Best regards,
Dario, Brazilian Senior Audiophile (71 years old) - E-mail: dariomelo38 (at)

[Dario HiFi system]

Dear Dario,
thanks for your kind words. Just let me point out a couple of things. First, Mr. Arnie Nudell has nothing to do with the Genesis amplifier, as he sold the Company to Mr. Gary Leonard Koh before retiring from audio business. Hence, he is not responsible, in any way, of these designs. Secondly, the GR180 does sound _much better_ than the chip amps you mentioned, Scythe SDA-1000 included! Indeed, the GR180 does sound pretty good, and my complaints were mainly focused on build quality (noise problems etc.) and price tag, way too high considering what's inside the amp. On the other hand, one shouldn't forget the price difference between the GR180 and those chip-amps: trying to find a relationship with the difference in sound performance could be embarassing, I admit. The same happens with any other expensive amplifier when compared with these small chip "miracles".
Happy listening!
Lucio Cadeddu

Query regarding my audio set up
I have a small audio set up at my home. I like the quality of sound of my system very much but somehow I miss the punch in the output and to get some impact I have to raise the volume of my amplifier to almost 50% and sometimes even more. This becomes very disturbing for my family members.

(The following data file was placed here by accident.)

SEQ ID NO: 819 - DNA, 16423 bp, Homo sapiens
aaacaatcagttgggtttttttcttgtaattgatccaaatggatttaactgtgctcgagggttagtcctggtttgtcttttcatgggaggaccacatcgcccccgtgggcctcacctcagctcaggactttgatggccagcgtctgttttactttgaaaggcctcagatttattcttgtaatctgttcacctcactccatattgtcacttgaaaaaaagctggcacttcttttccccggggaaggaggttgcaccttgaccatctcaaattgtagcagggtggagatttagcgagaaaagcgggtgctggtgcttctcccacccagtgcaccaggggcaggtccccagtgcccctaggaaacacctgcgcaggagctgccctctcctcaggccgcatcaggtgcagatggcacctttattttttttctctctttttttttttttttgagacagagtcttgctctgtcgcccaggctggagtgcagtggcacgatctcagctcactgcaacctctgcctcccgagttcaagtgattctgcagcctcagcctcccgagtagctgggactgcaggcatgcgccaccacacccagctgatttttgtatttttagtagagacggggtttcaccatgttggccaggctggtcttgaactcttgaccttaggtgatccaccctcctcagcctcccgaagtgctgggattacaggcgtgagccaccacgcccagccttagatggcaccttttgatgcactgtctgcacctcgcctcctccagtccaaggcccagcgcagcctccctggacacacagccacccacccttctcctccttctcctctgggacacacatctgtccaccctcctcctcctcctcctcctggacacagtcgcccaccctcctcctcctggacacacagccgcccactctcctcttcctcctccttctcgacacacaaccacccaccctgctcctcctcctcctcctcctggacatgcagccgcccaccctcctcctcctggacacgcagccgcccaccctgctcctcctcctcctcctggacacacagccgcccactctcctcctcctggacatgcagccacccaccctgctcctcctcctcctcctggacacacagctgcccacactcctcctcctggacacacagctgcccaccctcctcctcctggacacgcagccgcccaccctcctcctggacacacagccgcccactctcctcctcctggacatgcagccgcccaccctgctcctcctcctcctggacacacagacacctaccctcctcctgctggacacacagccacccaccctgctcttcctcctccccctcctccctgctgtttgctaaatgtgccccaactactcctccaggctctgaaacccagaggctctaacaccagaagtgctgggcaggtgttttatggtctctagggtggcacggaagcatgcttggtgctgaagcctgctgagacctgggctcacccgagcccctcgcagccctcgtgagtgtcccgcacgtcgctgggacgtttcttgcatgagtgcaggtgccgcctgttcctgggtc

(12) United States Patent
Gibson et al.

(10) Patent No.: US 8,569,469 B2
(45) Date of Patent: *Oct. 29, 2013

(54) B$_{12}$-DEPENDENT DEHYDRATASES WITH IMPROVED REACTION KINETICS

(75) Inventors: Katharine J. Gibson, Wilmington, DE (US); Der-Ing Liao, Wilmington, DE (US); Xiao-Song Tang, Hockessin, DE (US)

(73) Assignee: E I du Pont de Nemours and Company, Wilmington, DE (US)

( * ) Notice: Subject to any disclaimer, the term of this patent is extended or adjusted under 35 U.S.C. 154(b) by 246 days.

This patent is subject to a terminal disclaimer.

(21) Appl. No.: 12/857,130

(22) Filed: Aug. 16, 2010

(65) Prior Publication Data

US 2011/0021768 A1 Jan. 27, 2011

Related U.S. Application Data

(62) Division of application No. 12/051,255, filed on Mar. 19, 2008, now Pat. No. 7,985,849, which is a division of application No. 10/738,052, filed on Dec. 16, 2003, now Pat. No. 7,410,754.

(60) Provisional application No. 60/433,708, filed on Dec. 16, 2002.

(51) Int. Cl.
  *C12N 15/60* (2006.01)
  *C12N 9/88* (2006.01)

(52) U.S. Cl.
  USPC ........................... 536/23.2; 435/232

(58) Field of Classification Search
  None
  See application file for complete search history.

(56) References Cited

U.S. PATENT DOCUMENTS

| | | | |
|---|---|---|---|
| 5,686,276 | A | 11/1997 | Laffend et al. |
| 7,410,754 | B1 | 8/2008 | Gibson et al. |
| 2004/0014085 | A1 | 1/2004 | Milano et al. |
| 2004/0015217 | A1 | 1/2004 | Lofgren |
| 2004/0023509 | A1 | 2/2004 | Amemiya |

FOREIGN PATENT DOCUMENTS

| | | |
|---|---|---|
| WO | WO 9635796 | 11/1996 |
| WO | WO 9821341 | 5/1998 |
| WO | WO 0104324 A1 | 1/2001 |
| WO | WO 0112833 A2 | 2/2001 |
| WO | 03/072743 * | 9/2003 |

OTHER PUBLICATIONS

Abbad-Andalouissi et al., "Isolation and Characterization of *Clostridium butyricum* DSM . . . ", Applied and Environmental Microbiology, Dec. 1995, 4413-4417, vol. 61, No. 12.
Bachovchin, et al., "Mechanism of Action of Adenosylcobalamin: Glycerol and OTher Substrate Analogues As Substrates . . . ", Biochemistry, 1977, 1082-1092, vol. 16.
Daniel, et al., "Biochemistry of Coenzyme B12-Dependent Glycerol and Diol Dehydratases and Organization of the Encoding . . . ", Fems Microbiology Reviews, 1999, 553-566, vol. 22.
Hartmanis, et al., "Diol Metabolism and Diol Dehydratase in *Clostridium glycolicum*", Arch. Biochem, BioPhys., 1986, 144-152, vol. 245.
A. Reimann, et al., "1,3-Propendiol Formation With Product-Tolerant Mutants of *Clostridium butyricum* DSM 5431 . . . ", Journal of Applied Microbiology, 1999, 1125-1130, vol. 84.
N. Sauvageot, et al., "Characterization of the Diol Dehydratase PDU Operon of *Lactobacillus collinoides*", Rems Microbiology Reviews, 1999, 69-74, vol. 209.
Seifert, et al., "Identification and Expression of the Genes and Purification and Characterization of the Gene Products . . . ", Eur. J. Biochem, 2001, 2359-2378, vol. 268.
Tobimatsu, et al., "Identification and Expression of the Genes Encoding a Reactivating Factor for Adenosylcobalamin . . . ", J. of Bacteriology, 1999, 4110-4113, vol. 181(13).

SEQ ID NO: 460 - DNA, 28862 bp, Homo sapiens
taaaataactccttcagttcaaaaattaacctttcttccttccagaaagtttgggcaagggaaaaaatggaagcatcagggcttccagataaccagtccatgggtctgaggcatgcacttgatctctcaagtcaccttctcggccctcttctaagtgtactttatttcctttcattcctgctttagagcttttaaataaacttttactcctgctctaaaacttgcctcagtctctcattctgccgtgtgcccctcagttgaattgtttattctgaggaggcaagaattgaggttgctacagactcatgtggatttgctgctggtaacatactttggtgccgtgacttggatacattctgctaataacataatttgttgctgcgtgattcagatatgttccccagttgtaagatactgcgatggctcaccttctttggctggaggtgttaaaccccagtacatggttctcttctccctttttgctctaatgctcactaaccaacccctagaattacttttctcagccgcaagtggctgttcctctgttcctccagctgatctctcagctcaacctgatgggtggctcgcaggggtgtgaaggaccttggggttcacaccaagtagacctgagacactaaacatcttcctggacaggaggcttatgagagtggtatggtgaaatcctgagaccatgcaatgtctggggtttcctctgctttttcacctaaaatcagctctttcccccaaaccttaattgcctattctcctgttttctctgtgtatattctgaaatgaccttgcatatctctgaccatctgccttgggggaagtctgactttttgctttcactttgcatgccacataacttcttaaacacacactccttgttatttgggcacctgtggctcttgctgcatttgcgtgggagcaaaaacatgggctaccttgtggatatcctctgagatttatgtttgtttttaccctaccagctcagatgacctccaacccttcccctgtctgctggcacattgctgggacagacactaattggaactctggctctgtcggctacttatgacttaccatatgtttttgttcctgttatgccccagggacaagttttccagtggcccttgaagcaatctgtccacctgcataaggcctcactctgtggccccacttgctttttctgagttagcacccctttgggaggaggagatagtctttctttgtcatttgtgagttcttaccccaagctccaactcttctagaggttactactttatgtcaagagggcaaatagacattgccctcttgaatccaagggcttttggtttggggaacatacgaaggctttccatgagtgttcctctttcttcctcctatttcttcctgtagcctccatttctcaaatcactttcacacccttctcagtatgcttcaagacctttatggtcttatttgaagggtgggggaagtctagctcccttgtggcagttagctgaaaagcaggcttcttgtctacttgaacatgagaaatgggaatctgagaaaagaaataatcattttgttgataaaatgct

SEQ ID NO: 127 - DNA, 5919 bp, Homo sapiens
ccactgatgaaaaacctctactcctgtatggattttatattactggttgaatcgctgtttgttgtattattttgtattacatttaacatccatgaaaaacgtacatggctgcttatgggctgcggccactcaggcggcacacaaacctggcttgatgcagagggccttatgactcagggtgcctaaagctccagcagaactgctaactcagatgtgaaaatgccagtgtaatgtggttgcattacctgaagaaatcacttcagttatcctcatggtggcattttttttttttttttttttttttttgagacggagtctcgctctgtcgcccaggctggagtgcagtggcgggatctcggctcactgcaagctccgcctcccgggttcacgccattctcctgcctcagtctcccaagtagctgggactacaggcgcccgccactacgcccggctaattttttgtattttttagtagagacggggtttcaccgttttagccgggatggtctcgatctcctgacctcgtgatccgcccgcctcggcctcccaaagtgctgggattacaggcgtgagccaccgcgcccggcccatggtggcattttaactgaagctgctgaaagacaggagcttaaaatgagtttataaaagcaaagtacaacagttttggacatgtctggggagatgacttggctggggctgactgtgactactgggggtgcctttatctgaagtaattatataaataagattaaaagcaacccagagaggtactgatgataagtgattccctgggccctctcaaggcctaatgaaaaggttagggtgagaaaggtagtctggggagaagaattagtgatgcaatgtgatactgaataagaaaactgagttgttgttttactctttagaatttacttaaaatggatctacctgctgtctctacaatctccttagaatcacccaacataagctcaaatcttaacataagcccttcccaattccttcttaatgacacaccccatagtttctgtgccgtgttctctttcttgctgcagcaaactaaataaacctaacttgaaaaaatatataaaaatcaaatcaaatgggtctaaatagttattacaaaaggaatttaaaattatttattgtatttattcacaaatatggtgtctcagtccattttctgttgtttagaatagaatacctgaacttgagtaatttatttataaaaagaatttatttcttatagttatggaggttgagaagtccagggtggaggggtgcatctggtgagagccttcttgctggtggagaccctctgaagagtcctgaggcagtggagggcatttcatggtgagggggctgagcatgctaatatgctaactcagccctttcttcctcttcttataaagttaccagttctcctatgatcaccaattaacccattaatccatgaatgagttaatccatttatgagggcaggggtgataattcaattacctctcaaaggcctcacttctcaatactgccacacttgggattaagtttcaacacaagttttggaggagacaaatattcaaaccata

The room size is 9mts by 5 mts.
Following is my system configuration:

I am planning to replace my amplifier with NAD 372.
Please let me know if my decision is correct and would provide me the satisfaction that I am missing.
Dheeraj - E-mail: dheeraj840 (at)

Dear Dheeraj,
I'm quite sure the problem you are experiencing with your set-up has nothing to do with the amplifier. The NAD C352 has enough power. The problem is the room which is quite large and, I suspect, mostly empty. In such rooms, in order to get punch and impact you need to turn the volume up because stationary waves and strong, early reflections are killing the sound. Try moving the speakers around, change the listening position and fill the room with absorbing furniture such as carpets, pillows, heavy curtains and the like. A new, more powerful amplifier won't improve your system since you wouldn't be able to exploit the extra power.
A good place where to start with room acoustics is Mark Wheeler's first chapter on domestic acoustics here on TNT-Audio.
Keep me updated!
Lucio Cadeddu